The Challenges of Implementing Lean in a High Mix Environment

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[Executive Brief] The bulk of successful Lean implementations are in high volume, repetitive environments like automotive companies. Nevertheless, Lean Manufacturing has grown beyond traditional high volume automotive environments into industries as diverse as pharmaceuticals, chemicals, aircraft manufacturing, electronics, and industrial products...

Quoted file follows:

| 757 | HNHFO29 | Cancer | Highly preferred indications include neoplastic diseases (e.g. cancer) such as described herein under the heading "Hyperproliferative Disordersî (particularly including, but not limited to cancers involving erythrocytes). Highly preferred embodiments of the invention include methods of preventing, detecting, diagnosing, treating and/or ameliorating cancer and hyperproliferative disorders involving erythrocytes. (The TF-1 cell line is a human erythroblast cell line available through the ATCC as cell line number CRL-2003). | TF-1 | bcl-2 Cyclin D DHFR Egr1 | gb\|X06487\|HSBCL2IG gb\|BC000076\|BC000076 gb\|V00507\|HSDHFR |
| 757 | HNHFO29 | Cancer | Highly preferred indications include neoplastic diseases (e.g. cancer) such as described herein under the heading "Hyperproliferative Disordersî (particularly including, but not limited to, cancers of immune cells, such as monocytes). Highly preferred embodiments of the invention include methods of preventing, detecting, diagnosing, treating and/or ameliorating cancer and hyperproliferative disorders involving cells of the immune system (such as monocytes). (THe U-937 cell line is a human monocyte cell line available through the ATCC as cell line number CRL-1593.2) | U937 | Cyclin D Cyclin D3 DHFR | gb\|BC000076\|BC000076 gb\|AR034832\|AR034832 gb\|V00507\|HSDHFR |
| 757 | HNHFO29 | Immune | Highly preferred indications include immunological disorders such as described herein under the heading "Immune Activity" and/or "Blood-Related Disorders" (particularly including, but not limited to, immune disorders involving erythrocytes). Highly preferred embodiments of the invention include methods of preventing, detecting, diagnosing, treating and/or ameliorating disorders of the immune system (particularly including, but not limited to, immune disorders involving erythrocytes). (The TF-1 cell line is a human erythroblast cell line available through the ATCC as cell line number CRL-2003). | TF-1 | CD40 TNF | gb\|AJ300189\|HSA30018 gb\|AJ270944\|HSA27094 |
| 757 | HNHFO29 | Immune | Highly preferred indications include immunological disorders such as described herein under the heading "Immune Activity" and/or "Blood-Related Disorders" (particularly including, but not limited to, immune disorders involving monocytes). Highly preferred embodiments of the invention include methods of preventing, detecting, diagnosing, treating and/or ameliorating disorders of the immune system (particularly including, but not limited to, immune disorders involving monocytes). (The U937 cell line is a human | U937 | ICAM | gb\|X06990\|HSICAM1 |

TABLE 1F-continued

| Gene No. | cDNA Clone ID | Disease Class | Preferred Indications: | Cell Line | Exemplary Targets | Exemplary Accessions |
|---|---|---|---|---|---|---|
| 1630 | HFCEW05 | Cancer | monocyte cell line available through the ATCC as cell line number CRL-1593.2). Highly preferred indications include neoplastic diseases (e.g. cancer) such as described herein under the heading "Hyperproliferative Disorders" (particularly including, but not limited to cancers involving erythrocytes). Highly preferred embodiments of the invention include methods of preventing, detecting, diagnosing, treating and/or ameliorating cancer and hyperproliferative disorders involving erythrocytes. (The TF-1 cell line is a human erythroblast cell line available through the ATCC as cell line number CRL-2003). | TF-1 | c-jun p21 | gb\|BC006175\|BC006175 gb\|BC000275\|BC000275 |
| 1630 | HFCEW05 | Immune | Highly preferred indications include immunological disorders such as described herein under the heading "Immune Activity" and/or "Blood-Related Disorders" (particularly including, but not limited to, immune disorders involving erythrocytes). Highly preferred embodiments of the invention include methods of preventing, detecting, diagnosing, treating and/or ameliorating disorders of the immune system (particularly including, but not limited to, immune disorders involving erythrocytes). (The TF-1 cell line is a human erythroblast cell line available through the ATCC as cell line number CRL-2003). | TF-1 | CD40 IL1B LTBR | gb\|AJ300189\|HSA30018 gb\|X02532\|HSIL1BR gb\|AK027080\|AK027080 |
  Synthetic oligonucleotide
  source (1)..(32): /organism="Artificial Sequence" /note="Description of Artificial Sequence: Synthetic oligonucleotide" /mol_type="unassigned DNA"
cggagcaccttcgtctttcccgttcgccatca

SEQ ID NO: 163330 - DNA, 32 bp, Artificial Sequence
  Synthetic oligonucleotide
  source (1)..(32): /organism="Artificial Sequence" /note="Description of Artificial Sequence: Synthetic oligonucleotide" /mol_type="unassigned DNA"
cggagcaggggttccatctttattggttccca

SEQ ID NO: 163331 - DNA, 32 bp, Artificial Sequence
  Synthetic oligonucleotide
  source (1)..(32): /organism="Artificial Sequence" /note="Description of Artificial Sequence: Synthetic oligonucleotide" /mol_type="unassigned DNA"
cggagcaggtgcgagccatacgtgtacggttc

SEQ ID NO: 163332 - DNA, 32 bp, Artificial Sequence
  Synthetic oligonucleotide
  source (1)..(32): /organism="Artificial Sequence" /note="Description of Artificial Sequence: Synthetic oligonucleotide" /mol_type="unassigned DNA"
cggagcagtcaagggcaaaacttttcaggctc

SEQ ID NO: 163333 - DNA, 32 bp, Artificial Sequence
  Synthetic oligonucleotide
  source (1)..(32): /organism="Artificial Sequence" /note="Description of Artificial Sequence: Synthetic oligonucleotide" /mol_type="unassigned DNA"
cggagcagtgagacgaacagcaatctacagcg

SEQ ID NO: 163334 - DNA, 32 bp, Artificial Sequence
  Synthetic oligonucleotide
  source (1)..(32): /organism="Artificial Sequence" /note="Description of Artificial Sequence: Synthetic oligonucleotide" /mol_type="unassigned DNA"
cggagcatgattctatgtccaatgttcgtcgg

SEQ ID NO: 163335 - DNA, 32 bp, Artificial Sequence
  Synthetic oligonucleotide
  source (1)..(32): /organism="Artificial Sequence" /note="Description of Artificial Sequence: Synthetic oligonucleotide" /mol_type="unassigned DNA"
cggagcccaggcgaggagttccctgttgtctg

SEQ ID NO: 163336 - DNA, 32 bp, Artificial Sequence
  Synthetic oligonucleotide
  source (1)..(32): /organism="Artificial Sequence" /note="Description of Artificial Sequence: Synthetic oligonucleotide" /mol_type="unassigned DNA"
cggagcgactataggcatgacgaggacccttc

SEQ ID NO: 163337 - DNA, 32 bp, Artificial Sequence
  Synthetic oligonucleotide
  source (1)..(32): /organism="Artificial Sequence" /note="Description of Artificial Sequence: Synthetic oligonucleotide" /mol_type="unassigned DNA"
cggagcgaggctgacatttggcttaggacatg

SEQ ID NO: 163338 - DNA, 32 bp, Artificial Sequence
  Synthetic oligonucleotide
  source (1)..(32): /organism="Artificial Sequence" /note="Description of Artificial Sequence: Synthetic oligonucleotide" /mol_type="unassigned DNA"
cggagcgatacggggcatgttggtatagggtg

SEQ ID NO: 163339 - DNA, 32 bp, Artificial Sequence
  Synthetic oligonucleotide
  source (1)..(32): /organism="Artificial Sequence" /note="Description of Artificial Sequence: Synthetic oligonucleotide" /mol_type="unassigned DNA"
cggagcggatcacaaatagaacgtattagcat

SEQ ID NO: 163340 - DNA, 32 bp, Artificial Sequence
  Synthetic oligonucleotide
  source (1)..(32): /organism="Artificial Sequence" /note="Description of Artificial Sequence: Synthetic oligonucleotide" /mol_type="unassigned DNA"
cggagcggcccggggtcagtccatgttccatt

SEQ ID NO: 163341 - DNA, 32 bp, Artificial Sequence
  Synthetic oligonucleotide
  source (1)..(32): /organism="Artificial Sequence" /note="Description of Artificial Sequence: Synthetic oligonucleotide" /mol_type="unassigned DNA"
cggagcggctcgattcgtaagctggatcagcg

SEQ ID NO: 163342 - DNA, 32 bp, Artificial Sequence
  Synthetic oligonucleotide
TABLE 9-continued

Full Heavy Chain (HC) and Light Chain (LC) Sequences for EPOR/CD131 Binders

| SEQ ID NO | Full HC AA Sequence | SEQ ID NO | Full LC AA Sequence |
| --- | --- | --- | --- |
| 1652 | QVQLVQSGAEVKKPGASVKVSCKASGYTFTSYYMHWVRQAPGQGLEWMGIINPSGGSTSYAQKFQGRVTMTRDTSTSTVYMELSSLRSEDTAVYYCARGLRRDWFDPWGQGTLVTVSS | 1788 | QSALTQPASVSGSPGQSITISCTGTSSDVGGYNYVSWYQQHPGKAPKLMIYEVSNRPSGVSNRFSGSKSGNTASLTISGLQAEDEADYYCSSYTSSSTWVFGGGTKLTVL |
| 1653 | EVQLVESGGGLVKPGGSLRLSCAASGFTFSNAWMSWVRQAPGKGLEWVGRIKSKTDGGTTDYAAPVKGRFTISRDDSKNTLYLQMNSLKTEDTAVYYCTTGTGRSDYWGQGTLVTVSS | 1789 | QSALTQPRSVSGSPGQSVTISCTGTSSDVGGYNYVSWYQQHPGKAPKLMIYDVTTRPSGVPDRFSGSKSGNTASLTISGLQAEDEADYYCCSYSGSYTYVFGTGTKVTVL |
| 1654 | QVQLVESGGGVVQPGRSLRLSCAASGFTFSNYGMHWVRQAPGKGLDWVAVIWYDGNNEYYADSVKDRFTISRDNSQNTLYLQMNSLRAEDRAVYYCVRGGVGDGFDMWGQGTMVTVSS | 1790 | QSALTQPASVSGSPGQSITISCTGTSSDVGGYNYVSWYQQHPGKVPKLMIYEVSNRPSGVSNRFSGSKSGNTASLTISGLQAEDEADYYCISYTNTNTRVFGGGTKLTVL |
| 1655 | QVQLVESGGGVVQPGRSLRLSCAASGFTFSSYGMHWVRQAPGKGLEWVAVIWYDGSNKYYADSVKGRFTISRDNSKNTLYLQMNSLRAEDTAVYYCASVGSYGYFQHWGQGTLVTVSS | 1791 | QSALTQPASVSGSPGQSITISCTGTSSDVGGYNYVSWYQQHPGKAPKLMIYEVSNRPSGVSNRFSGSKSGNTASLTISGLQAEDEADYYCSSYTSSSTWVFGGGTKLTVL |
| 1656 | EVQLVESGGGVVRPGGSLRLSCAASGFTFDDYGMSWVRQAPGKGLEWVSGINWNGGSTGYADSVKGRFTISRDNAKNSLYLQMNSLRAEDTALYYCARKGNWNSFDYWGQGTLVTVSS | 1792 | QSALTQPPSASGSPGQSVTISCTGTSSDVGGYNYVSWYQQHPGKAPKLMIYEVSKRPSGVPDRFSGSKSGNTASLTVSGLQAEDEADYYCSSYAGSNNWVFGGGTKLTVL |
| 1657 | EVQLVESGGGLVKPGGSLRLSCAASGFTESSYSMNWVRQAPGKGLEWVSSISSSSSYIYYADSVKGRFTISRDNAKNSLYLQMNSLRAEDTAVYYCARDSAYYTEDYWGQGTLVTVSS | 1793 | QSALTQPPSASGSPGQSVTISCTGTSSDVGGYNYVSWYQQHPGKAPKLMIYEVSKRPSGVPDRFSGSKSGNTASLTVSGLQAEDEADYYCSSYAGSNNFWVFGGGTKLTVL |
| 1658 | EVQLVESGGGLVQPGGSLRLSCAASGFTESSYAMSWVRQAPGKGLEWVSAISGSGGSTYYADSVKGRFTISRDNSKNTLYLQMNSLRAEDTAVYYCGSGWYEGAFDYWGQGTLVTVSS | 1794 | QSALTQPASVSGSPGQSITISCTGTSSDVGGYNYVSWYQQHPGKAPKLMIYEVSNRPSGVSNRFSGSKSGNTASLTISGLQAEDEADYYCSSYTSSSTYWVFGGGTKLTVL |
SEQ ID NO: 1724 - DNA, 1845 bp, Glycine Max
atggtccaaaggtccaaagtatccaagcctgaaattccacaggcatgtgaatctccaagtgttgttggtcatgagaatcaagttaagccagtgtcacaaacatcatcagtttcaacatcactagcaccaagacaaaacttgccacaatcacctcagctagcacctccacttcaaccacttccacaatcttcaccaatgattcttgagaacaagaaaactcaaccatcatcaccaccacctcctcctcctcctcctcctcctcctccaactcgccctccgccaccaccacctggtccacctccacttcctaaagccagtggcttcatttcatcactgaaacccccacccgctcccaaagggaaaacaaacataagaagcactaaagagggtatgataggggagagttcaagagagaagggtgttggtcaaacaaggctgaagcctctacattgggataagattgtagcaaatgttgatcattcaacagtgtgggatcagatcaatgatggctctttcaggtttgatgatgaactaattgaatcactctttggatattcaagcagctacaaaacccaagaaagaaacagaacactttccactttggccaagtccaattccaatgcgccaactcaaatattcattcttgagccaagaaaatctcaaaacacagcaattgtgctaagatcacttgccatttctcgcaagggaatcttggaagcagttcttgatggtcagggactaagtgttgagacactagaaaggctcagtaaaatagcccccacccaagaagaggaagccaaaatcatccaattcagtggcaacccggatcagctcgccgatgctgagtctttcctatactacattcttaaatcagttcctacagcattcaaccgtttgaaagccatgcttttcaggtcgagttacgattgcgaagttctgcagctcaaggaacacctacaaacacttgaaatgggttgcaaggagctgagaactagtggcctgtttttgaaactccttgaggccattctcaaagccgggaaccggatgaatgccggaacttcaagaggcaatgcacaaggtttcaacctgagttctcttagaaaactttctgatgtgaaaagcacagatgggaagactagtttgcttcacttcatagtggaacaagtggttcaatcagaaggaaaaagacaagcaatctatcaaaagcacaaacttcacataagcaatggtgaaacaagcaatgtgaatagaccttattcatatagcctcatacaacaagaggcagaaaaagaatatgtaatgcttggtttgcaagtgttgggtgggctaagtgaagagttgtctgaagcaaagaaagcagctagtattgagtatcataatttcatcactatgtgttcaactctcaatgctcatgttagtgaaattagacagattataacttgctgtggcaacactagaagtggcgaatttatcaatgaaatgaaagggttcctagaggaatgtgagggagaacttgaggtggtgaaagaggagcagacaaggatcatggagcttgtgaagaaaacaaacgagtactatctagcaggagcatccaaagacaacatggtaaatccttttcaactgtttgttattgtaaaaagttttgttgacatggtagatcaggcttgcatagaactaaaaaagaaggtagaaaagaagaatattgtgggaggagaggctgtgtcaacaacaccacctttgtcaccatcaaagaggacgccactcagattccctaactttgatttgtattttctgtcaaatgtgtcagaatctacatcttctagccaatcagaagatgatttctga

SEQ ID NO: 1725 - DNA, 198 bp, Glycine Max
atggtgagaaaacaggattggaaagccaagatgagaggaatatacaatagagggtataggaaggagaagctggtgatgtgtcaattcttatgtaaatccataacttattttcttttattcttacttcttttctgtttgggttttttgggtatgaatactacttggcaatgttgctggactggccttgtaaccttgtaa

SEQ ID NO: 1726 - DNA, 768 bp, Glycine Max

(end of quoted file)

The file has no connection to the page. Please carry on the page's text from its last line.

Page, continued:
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Document Transcript 11 TOYOTA    PRODUCTION   SYSTEM(TPS) The Toota ProductionSstem (TPS) methodologhas a proven track recordfor improving performanceand eliminating waste. Theapproach was developed inthe 1950s, and has evolved,leading man to regard Tootaas the global leader in LeanAs currentl practiced, Leanincorporates supportingtechniques from a variet of other elds, including The Theor of Constraints, Just inTime Inventor Management,and Six Sigma. Executive Brief HIGH MIX ENVIRONMENTSThe bulk of successful Leanimplementations are in highvolume, repetitive environmentslike automotive companies.Nevertheless, Lean Manufacturinghas grown beond traditional highvolume automotive environmentsinto industries as diverse aspharmaceuticals, chemicals, aircraftmanufacturing, electronics, andindustrial products.While the TPS techniques workgreat in high volume, low mixenvironments because of their simplicity, they have proven difcult to implement in factories that aremore complex. In these high mixenvironments, practitioners have learned to adapt the ‘classic’ Toyota techniques to work outside theautomotive environment. Managing the ow of materials through a high mix environmentis different from doing so in ahigh volume environment. Thehigh mix environment requiresadaptations of traditional LeanManufacturing techniques.LEAN FOR HIGH MIXMANUFACTURINGIntroducing Value Streams forProduct Families.Traditional Lean projects start bgrouping products into smaller setsof product families, then creatingvalue streams for each famil. Thisapproach involves designing cellsthat have equipment dedicated to theproduction of a single product famil,and then implementing single-piece ow through that cell. This approach is effective in highvolume environments (like automotive)with a relativel small number ofproducts and dedicating equipment doesn’t pose a resource problem. Complex environments, however,have thousands of products visitingdozens of work centers, using a varietof possible routes. A more general approach to dening value streams is required to (a) accommodate a largernumber of product families, and (b)enable equipment sharing amongproduct families. OF IMPLEMENTING LEAN INA HIGH MIX ENVIRONMENTTHE CHALLENGES Readers familiar withLean Manufacturing knowthat its srcins lie in highvolume manufacturing atToota manufacturing. 22 Executive Brief OF IMPLEMENTING LEAN INA HIGH MIX ENVIRONMENTTHE CHALLENGES Complex environments require a more general classication of product groupings that support the goal of establishing ow, but also allow equipment to be sharedacross product families. We call this classication a “Flow Path.” Flow Paths are a conceptthat supports Lean implementationsin complex environments. Bgrouping products into families thatvisit similar pieces of equipment, ow paths are a technique for managing hundreds or thousandsof products through complexroutings without requiring dedicatedequipment. Flow paths facilitatethe logical division of the plant into multiple ows, each of which canbe considered a “focused factory,” independent of the others. Multiple ow paths can be dened for a plant, but a product can belong to only one ow path. Flow Path Management (FPM)shares several ke principleswith traditional high volume Leanmanufacturing and the TootaProduction Sstem, includingthe elimination of waste and theapplication of pull scheduling.While TPS was invented for highvolume automotive production,FPM was invented for complexindustries such as pharmaceuticals,metals, and electronics. One of the reasons for FPM’s success in these industries is that b breaking the process down into ow paths, some of the complexit of the problemis removed - allowing visibilit into the plant’s dynamics on a more manageable scale.FPM is more likel to use advancedinventor optimization methodsbecause high mix environmentshave more variabilit.Inventor can hide waste andmask variabilit within our plant.Traditional high volume Lean usessimple calculations to determinethe best levels of capacit andinventor. Inventor levels are setin most Kanban implementationsb using simple, well-knowncalculations. Kanban card countsare initialing calculated, then,over time, management slowlreduces the card count to lowerthe inventor level.But in high mix environments,setting optimal inventor levelscannot be accomplished usingsimple rules of thumb. Asvariabilit in demand, productmix, setup times, and processtimes increase, the calculatingthe appropriate inventorlevel requires more advancedcalculations. Moreover, thesecalculations must be refreshedperiodicall as the productmix changes these advancedapproaches provide updateableoptimal levels. The same conceptholds true for determining theoptimal inventor levels for raw material or nished goods inventor buffers.GENERAL OPTIONS FORDEPLOyING LEANCompanies have several optionsfor software to help with Leaninitiatives:  ‣ Enterprise Resource Planning(ERP) software sstems areideal as corporate businessinformation sstems andas a single data repositor.However, the often encourageforecast-driven push methods,which are not Lean b nature. ‣Software specically built to support Lean manufacturing, such as Invistics’ MachSix. Lean Manufacturing softwareis an extension of ERP thatcaptures and communicatesperformance measurementsin real time. This providesvisibilit into ke performanceindicators, and accelerates andsustains the adoption of Leanbehaviors. With Lean Manufacturingsoftware, manufacturers areable to manage their valuestreams and optimize theirinventor levels, even in high-mixenvironments. This allows high-mix manufacturers to enjo the benets of lean - and eliminate waste in materials, labor, andcapacit utilization.  ACHIEVINGINVENTORY OPTIMIZATION 33 Executive Brief OF IMPLEMENTING LEAN INA HIGH MIX ENVIRONMENTTHE CHALLENGES CONCLUSIONFor more than 40 ears,high-volume manufacturers have beneted from Lean methodologies. Unfortunatel,those techniques did not alwastranslate well to a complexenvironment with huge numbersof products and high variabilitin products.Lean techniques can be adaptedto complex environments whenthe effort is focused on: ‣Using ow path managementto develop exibleapproaches to dening value streams ‣ Using advanced methods tocalculate optimal inventorlevels.While man Lean techniquescan be manuall implementedin high volume environments,processes in complexenvironments can be more difcult. Manufacturers canbenet from using softwaresolutions for implementing ow path management in a complexenvironment to better manageinventor and reduce waste.INVISTICS SOLUTIONFOR HIGH MIX LEANMANUFACTURINGThe Invistics MachSix suite wasdeveloped based on provenLean manufacturing principlesand ke Six Sigma components.MachSix modules take intoaccount suppl and demandvariabilit and provide a true ow-based approach – one that aligns our processes arounda value stream. MachSix helpsbalance relationships amongccle times, throughput, andinventor to achieve bettercustomer service levels, while providing a view into plant oor dnamics.MachSix works with existingsstems to provide a completeand robust Lean manufacturingsolution.Companies looking to implementLean manufacturing can useMachSix to eliminate waste and streamline the ow of value through manufacturing. ABOUT INVISTICSInvistics provides consultingservices and supportingsoftware solutionsthat enablehigh-mix manufacturers toachieve the right inventorlevels for their suppl chainthrough advanced analticsand actionable insights.Based on Six Sigma and Leanprinciples, Invistics solutions helpmanufacturing executives improve protability by reducing cycle times and costs, while increasingthroughput and